Substantial health and economic returns from delayed aging may warrant a new course for medical research, according to a study by members of the MacArthur Research Network on an Aging Society. The report states that while recent scientific advances suggest that slowing the aging process is now a realistic goal, most medical research remains focused on combating individual disease. However, research to delay aging and the infirmities of old age would have better population health and economic returns than advances in individual fatal diseases such as cancer or heart disease. With even modest gains in our scientific understanding of how to slow the aging process, an additional five percent of adults over the age of 65 would be healthy rather than disabled every year from 2030 to 2060, reveals the study.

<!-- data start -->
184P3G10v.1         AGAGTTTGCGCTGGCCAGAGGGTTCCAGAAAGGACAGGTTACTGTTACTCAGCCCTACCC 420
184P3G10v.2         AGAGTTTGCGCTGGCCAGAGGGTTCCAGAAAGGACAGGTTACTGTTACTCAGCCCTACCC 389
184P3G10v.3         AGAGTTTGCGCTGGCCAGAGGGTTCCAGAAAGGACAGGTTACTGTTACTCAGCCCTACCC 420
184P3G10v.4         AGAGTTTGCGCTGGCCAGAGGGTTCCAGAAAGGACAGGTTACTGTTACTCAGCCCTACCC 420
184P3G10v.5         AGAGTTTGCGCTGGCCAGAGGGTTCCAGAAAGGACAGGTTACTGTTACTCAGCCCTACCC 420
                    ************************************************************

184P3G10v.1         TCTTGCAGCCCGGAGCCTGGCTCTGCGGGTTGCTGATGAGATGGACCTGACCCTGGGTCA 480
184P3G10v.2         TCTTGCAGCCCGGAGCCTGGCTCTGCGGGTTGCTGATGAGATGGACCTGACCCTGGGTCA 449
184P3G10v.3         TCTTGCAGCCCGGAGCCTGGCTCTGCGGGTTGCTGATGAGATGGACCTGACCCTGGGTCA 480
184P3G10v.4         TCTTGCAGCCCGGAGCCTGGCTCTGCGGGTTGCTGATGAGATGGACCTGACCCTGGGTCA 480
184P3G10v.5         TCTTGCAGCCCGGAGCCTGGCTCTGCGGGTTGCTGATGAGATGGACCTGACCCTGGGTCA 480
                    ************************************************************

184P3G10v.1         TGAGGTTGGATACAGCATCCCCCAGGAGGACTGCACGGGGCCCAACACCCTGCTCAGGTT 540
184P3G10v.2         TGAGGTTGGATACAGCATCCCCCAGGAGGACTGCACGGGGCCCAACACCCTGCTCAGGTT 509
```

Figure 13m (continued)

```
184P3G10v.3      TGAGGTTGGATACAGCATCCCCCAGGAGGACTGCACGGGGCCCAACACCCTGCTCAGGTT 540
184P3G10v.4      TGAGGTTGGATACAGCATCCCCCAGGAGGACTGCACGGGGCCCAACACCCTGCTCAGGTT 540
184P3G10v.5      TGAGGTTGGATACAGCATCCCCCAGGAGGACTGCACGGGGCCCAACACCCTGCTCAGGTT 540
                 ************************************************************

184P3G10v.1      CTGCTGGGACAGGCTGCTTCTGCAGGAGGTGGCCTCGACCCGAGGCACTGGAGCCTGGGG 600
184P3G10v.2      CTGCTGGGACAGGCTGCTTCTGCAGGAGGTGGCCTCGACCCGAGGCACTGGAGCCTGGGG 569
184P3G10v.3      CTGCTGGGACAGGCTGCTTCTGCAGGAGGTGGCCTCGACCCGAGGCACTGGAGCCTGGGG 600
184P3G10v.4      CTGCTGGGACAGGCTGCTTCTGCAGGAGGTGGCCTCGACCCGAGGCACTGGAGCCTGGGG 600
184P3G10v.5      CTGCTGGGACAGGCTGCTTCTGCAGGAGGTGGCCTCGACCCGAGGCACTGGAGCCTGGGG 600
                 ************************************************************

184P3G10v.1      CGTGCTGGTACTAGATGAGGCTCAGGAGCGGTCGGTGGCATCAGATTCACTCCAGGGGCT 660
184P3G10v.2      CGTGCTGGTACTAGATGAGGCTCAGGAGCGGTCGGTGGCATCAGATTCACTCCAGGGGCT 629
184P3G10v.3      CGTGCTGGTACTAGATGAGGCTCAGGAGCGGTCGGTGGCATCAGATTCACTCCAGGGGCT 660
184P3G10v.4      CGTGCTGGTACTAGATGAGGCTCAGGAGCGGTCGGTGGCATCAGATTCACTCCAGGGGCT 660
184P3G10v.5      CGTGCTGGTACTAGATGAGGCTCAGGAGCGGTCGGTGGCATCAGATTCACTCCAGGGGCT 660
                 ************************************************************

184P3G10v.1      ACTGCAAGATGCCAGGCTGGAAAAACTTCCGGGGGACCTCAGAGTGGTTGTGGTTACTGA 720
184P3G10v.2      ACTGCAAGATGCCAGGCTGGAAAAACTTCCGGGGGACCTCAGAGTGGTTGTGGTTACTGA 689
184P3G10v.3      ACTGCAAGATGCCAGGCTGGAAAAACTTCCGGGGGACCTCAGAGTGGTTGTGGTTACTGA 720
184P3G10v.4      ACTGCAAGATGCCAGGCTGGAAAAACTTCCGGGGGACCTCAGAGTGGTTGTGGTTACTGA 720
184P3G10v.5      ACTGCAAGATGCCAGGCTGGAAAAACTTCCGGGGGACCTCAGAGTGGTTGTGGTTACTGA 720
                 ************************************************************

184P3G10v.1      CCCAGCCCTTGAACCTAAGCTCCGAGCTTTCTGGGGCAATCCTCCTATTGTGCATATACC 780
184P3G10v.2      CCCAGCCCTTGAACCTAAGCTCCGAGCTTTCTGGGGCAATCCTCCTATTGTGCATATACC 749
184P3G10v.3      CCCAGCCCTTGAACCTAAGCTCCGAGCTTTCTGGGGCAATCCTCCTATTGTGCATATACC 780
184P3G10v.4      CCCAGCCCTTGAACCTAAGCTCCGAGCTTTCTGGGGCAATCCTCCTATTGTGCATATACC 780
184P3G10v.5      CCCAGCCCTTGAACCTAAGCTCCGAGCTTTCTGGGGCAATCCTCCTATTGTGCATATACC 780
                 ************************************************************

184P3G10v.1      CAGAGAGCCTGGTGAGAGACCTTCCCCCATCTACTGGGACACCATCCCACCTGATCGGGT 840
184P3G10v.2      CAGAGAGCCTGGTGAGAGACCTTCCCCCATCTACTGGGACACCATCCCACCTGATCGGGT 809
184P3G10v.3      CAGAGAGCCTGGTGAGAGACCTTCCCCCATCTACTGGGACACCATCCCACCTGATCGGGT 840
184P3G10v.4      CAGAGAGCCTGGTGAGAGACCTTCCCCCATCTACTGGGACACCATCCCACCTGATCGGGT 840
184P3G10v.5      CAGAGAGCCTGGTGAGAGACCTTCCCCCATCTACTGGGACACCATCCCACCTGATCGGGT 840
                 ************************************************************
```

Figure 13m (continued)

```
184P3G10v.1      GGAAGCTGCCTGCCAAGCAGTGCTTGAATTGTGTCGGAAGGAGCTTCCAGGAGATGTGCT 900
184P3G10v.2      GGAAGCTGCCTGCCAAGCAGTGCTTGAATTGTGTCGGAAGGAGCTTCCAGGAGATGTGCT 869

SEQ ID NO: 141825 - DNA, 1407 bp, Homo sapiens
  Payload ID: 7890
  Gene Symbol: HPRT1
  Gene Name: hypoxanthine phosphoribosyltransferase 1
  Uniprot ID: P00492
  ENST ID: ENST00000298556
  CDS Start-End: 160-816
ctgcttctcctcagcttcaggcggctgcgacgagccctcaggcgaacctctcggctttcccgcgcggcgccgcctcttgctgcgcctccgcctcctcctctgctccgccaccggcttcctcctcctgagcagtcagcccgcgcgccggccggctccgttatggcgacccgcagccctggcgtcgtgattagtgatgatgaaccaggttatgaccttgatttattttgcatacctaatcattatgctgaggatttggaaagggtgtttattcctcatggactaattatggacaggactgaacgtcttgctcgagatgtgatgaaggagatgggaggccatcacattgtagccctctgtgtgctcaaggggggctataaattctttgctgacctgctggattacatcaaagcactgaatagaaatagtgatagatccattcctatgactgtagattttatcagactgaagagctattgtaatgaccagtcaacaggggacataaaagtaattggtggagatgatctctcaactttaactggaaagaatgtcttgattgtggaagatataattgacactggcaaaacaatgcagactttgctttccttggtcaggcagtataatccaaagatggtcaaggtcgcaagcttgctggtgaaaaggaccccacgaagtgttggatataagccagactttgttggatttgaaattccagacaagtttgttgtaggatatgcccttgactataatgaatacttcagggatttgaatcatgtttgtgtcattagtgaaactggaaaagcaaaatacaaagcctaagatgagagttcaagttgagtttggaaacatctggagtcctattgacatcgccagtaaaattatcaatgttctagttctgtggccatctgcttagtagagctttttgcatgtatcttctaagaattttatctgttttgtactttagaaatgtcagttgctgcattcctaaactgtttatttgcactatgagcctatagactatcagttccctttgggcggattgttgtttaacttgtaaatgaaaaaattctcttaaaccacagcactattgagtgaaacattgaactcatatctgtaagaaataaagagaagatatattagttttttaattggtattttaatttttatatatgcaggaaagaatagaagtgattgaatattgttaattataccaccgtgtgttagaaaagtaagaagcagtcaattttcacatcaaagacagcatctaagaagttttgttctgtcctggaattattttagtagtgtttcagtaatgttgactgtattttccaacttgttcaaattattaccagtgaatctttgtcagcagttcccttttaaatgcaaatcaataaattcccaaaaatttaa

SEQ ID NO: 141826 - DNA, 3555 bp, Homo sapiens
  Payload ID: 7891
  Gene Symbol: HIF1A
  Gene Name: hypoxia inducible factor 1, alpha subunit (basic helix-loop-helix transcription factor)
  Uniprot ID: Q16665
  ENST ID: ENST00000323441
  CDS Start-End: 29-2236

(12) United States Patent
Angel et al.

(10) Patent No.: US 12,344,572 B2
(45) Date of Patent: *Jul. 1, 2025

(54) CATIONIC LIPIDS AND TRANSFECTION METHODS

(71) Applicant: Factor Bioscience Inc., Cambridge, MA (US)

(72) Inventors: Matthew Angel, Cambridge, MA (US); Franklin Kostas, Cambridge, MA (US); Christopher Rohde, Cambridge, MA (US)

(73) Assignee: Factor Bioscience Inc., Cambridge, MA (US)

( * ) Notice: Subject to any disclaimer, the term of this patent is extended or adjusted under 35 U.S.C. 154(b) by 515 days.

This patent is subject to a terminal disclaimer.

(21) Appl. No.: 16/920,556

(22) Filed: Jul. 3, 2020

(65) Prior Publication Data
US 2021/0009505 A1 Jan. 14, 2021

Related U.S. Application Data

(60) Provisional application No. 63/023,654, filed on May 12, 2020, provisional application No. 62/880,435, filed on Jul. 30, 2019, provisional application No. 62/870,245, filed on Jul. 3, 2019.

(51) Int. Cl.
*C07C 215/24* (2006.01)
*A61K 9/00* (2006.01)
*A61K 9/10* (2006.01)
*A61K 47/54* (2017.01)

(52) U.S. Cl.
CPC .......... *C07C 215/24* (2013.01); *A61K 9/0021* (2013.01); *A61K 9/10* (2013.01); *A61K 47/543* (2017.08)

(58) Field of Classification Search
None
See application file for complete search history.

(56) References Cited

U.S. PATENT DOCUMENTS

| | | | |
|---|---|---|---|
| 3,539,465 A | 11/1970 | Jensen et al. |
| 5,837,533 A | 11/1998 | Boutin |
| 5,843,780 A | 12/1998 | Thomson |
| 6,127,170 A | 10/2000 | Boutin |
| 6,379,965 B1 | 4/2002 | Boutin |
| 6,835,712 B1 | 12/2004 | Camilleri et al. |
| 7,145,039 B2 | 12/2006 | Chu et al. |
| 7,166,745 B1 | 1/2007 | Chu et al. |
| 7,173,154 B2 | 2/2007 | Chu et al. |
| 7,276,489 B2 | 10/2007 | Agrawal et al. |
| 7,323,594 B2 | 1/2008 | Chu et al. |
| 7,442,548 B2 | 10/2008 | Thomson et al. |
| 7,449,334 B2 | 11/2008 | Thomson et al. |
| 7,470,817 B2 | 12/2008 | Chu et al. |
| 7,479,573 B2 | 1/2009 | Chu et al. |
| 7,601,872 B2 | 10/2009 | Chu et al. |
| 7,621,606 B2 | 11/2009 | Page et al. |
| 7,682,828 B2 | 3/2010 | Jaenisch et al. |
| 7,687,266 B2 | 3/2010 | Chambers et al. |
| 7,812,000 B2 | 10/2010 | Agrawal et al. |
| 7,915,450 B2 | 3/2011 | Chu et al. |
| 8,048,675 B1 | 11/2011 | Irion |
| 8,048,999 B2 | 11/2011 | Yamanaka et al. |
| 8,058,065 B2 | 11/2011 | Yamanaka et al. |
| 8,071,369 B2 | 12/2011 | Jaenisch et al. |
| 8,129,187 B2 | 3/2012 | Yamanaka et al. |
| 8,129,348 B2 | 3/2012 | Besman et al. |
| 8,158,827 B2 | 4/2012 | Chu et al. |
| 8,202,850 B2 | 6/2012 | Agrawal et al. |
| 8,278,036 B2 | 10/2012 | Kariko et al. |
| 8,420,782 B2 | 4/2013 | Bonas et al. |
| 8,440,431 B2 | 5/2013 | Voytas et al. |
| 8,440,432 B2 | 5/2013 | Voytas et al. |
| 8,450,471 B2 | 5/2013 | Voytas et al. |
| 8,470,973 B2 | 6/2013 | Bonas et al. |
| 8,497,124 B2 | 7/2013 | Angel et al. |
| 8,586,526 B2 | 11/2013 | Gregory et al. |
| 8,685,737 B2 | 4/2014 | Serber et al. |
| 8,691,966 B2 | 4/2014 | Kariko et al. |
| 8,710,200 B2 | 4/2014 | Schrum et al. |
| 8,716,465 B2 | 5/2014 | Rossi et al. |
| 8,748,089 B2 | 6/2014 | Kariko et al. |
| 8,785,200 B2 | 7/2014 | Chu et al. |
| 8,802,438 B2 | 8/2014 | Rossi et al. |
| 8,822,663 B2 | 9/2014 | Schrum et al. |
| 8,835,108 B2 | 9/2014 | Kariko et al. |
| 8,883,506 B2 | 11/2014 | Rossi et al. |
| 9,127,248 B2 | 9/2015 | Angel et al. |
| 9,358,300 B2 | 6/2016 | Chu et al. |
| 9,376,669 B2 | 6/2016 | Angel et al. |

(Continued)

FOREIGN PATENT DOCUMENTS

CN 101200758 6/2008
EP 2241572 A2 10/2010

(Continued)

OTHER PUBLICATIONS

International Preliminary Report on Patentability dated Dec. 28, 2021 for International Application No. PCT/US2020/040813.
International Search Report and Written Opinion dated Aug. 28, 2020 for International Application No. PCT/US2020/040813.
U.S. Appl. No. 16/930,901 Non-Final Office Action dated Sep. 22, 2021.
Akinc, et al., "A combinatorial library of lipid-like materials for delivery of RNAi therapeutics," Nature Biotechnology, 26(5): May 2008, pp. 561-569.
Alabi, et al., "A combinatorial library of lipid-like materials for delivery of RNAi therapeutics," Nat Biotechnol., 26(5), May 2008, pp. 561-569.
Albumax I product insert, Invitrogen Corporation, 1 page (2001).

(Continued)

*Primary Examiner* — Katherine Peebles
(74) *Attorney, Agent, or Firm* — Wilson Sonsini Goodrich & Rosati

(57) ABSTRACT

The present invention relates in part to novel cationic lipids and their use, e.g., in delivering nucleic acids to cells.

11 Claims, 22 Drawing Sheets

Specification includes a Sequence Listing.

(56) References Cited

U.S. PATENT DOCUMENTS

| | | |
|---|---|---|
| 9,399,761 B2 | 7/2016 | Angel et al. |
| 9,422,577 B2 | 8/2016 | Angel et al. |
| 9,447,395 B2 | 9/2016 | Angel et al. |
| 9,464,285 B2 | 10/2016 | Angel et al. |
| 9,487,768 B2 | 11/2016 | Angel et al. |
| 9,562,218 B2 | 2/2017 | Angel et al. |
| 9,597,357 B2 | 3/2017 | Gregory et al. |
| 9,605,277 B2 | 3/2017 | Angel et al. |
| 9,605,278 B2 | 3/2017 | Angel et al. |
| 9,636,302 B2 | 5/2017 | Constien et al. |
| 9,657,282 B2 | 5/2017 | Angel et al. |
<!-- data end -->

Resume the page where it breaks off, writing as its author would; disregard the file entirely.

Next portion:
MacArthur’s policy-related grantmaking aims to improve and inform decision making at the federal, state and local levels through general operating support to a small portfolio of organizations across an array of issues and special fiscal, demographic and analytical projects with broad implications for domestic policy.